It wasn’t just rockers like Alice Cooper and Pat Benatar who embraced the asylum esthetic with their recordings. ‘80s pop sensation Sam Harris utilized the strait jacket as a colorful fashion accessory on the back portrait of his debut album, as well.
Such a bad boy move might seem the antithesis of Harris’ colorful reality star beginnings.
But Harris’ biggest hit Sugar Don’t Bitedefinitely wasn’t playing around. In fact, this track makes being a “bleeder” sound like a sexual position well worth trying out on some hot Saturday night.
Of course, Harris, an openly gay man whose career has encompassed everything from turns on Broadway to penning a memoir called Ham: Slices of a Life, is always serving up the sweet stuff at http://www.samharris.com/.
Until the next time, SWEET love and pink GRUE, Big Gay Horror Fan!
Just like me, Goldie Hawn and Liza Minnelli have never quite made the curve. While my lack is probably imaginary and (possibly) self-inflicted, the only way Hawn and Minnelli didn’t quite got into the groove was with their horror credits.
But…Hawn did face down the terrors of an abusive ex in the 1991 thriller Deceived and is an integral part of the catty craziness of Death Becomes Her, a much loved take on body modification (that has many campy elements of terror). Minnelli, meanwhile, has provided gothic back-up vocals for both Alice Cooper and My Chemical Romance…earning her place in the hearts of everyone on eyeliner spectrum – from drag to punk rock.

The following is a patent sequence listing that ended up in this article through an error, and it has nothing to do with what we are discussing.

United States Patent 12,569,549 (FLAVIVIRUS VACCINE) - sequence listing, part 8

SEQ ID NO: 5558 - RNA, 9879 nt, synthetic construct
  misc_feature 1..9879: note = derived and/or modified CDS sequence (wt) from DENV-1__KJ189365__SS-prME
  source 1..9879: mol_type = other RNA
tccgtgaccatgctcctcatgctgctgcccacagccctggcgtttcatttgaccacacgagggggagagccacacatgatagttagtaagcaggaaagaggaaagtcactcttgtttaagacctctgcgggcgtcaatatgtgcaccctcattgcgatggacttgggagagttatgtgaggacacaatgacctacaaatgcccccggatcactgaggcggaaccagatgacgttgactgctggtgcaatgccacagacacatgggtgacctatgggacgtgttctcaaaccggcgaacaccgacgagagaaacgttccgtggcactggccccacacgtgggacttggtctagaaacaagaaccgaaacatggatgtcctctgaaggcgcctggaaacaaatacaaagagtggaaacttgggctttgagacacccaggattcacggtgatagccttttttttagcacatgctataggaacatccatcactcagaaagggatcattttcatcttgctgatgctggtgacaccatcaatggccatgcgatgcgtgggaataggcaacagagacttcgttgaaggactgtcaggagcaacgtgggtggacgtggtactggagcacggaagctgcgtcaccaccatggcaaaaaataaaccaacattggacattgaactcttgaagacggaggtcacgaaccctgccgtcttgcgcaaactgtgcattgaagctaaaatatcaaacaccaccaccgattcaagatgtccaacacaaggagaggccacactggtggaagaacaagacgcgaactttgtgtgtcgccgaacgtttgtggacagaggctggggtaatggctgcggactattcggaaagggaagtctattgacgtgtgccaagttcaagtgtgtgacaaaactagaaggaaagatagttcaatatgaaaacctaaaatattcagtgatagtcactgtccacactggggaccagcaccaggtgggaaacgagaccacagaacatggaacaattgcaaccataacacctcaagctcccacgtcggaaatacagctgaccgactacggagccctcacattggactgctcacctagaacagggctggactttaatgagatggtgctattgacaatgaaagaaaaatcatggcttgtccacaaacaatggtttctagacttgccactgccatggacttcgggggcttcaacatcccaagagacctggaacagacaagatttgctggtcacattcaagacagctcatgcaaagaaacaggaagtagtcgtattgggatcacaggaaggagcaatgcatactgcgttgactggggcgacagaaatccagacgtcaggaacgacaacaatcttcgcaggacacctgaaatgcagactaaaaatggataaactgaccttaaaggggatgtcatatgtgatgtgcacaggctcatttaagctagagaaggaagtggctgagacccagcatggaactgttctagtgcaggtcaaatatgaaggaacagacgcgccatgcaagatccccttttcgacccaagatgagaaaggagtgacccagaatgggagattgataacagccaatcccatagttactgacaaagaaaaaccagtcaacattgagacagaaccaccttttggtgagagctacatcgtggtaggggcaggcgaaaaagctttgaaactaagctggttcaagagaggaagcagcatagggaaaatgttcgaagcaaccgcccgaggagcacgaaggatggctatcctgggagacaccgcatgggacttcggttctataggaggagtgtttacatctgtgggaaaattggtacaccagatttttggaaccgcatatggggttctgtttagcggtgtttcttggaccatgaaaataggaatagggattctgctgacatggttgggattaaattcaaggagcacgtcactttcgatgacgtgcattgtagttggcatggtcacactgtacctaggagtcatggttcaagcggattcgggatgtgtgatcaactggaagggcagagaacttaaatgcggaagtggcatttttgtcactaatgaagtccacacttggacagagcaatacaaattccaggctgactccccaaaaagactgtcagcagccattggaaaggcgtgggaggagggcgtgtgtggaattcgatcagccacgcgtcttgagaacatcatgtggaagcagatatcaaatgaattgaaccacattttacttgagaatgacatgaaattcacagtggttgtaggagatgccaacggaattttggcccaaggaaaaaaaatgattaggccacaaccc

In 1980 these two icons joined forces for Goldie and Liza Together… a truly colorful television special, indicative not only of the era but of the incredible talents involved.
The show aired twice, to less than stellar ratings, but it will forever remain a favorite to those who actually experienced in all of its initial flaming glory.
Until the next time, SWEET love and pink GRUE, Big Gay Horror Fan!
What am I gonna do?
The esteemed Alice Cooper has definitely hit the horror hotline with albums like Welcome to My Nightmare and by singing He’s Back (The Man Behind the Mask), the theme song to Friday the 13th Part 6: Jason’s Back.
But, this eclectic monster embraced the societal angst of many a terror freak, while dancing in the queer lined clouds of many a gay boy’s dreams, with his engaging Teenage Lament ’74 from Muscle of Love.
Featuring background vocals from such pink icons as Liza Minnelli, Labelle and Ronnie Spector, this number, focusing on those hellish years, is simply…heavenly.
Until the next time – SWEET love and pink GRUE, Big Gay Horror Fan!
Capitalizing on Alice Cooper’s 1978 From the Inside, a madhouse based concept LP and 1979 Marvel comic book; boundary leaping pop star Pat Benatar unleashed Get Nervous, her fourth offering, upon the world in 1982. While not containing the cinematic through line of Cooper’s work, the cover imagery does contain an undeniably straitjacketed vibe and the tone of many of the rock offerings contained within is decidedly dark. Indeed, songs such as Looking for a Stranger, Fight it Out, The Victim and I Want Out are almost jittery with angst.
The title offering, Anxiety (Get Nervous) , propelled by agitated guitars, provides skittery aural delights, as well. The video, meanwhile, captures a delightful, horror filled take on one of life’s unpleasant realities, a trip to the dentist, and allows Benatar to show off some of the best Bride of Frankenstein hair this side of Elsa Lanchester!